6. A process as claimed in claim 1, wherein said gas atmosphere has a hydrogen chloride concentration of from 1.0% to 30% by volume based on said gas atmosphere, a hydrogen bromide concentration of from 1.0% to 33% by volume based on said gas atmosphere, or a hydrogen iodide concentration of from 1.0% to 33% by volume based on said gas atmosphere.
7. A process as claimed in claim 1, wherein said calcining is conducted at a temperature of from 600 C. to 1,300 C.
8. A process as claimed in claim 1, wherein said calcining is conducted at a temperature of from 700 C. to 1,200 C.
9. A process as claimed in claim 1, wherein said calcining is conducted for at least 1 minute.
10. A process as claimed in claim 1, wherein said calcining is conducted for 10 minutes.
11. A process as claimed in claim 1, wherein said calcining is conducted for 10 to 600 minutes.
Description

This is a Continuation of application Ser. No. 08/606,679 filed Feb. 26, 1996, now U.S. Pat. No. 5,935,550, which is a continuation application of application Ser. No. 08/227,028 filed Apr. 13, 1994, abandoned, the disclosures of which are incorporated herein by reference.

FIELD OF THE INVENTION

This invention relates to α-alumina powder having excellent characteristics and a process for producing the same.

BACKGROUND OF THE INVENTION

α-alumina powder is widely used as raw materials for abrasives, sinters, plasma spraying materials, fillers, etc. α-Alumina powder obtained by conventional processes that have been generally employed comprises irregular-shaped polycrystals, contains many agglomerated particles, and has broad particle size distribution. The purity of such conventional α-alumina products is insufficient for some uses. In order to avoid these disadvantages and, for some specific uses, to control primary particle size or shape, α-alumina powder produced by special processes as hereinafter described has been employed. However, these special processes still involve difficulty in producing α-alumina powder with a narrow primary particle size distribution, which comprises α-alumina particles having a controlled shape, a controlled primary size, and homogeneity. Further, in order to orientate α-alumina particles in a specific direction when packed or laminated in layer(s), it is desirable that the powder comprises α-alumina particles having a rod-like shape, a cocoon shape or a thick plate shape. However, conventionally obtained α-alumina powder has broad primary particle size-distribution or the particles thereof have a thin plate shape, and it has hitherto been difficult to obtain α-alumina powder having a narrow primary particle size distribution and the particles thereof having such a shape suitable for orientation.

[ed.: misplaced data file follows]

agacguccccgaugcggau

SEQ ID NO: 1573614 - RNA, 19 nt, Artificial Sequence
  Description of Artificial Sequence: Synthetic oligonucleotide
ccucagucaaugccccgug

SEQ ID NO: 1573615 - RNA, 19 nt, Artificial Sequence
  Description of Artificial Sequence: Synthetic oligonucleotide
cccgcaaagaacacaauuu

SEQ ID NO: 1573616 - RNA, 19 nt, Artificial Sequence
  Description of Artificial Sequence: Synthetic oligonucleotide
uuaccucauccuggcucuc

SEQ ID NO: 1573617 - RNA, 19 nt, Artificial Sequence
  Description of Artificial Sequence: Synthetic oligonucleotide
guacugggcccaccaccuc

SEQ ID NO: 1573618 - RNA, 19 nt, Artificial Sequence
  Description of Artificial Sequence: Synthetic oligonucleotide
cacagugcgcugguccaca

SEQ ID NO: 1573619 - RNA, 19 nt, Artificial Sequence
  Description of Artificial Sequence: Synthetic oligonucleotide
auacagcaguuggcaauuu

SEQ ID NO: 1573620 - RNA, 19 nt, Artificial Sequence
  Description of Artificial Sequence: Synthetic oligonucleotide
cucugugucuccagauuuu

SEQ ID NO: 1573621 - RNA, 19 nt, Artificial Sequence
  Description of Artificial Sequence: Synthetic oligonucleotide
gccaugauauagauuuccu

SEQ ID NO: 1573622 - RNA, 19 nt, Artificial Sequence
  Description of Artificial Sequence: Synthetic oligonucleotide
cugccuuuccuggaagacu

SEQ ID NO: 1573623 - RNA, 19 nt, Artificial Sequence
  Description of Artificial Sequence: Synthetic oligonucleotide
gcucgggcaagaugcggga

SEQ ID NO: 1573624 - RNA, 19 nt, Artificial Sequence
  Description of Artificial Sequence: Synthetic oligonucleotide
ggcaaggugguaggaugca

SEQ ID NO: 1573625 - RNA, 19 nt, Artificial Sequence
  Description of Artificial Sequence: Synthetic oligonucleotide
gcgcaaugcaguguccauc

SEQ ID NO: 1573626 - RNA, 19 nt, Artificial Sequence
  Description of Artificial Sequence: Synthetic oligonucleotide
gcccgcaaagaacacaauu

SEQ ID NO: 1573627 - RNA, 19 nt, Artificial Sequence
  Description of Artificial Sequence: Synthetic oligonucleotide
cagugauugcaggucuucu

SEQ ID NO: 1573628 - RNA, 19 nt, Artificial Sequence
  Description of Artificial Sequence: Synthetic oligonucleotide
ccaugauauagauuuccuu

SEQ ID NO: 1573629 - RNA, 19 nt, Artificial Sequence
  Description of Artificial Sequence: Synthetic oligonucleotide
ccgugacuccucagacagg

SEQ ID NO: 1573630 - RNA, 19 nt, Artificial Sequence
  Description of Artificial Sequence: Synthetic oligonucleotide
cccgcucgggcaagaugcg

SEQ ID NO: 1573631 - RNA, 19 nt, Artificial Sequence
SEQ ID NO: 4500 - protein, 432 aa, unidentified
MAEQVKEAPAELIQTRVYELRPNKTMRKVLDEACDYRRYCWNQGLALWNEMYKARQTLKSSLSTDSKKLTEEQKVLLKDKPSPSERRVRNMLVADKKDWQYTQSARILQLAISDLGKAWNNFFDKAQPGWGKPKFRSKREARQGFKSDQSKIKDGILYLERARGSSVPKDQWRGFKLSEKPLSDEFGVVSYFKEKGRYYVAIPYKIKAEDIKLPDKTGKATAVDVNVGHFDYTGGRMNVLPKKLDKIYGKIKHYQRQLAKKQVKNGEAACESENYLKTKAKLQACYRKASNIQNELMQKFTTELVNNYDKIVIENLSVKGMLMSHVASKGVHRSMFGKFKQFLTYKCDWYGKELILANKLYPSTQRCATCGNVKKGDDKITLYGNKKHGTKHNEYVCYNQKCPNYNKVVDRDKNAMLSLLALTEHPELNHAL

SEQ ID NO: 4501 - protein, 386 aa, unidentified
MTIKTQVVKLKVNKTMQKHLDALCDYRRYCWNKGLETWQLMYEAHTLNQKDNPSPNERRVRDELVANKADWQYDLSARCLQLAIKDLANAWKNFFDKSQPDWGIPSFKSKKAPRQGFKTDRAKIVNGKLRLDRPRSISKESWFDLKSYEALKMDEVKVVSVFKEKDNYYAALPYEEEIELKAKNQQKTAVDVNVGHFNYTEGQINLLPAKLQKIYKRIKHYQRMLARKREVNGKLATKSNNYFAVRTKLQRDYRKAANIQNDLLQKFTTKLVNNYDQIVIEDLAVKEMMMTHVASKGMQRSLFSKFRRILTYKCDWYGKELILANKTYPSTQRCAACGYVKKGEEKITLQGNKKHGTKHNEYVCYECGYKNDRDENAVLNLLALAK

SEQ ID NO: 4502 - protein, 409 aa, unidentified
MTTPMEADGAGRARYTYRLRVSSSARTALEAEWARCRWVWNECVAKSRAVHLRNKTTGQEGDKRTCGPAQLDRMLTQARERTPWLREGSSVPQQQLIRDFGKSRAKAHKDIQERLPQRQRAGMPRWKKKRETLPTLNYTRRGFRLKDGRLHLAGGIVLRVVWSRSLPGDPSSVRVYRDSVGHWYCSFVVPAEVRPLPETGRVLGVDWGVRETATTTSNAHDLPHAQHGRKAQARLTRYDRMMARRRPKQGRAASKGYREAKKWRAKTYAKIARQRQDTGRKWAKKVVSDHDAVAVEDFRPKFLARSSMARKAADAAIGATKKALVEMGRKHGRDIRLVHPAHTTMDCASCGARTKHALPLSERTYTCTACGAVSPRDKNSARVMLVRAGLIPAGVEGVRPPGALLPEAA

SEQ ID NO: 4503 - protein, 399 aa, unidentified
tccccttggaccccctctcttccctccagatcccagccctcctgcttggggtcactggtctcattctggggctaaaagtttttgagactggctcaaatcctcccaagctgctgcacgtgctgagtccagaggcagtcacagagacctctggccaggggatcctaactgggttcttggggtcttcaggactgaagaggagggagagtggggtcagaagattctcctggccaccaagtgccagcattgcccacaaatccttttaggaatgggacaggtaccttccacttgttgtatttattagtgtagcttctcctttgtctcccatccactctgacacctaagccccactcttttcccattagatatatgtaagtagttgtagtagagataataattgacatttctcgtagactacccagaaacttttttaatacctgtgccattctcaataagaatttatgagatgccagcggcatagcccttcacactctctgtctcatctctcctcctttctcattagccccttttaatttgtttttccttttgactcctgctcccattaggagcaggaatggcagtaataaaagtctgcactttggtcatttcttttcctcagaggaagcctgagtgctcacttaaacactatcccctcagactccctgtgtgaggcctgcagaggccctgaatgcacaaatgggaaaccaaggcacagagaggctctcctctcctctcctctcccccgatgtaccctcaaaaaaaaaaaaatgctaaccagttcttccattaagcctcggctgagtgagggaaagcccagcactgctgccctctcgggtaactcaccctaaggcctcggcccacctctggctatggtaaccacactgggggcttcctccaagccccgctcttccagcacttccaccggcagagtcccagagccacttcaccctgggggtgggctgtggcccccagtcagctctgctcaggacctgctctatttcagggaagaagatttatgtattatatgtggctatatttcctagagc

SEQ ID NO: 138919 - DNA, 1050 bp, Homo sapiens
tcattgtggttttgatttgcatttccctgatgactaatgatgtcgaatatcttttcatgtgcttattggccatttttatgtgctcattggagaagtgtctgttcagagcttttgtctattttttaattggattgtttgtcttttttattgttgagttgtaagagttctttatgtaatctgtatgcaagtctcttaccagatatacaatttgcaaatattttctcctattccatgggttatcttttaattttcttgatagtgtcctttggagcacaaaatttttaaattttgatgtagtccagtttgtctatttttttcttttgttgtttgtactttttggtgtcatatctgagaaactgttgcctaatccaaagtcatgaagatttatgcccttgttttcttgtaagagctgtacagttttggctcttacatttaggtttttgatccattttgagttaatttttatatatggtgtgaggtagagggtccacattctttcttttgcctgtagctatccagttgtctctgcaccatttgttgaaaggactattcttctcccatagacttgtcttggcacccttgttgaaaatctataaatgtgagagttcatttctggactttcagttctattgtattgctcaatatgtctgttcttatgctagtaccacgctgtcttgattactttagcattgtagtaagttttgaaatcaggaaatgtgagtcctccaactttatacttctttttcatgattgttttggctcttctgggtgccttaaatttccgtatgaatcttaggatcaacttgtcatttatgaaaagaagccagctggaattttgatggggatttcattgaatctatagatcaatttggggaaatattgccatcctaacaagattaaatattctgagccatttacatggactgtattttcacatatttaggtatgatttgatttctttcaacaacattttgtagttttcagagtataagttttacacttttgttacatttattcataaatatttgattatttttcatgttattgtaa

Among general processes for producing α-alumina powder a Bayer's process is the most economical process. In a Bayer's process, bauxite is once converted to aluminum hydroxide or transition alumina, which is then calcined in air to prepare α-alumina powder.

The aluminum hydroxide or transition alumina which is obtained as an intermediate product on an industrial scale at low cost comprises agglomerated particles having a diameter of greater than 10 μm. α-Alumina powder obtained by calcination of such aluminum hydroxide or transition alumina in air comprises primary particles of irregular shape containing many coarse particles agglomerated strongly. The α-alumina powder containing coarse agglomerated particles are ground into final products by means of a ball mill, a vibration mill, etc., but grinding is not always easy and incurs the cost. Further, α-alumina powder having poor grindability needs a long grinding time, consequently too fine powder may be formed.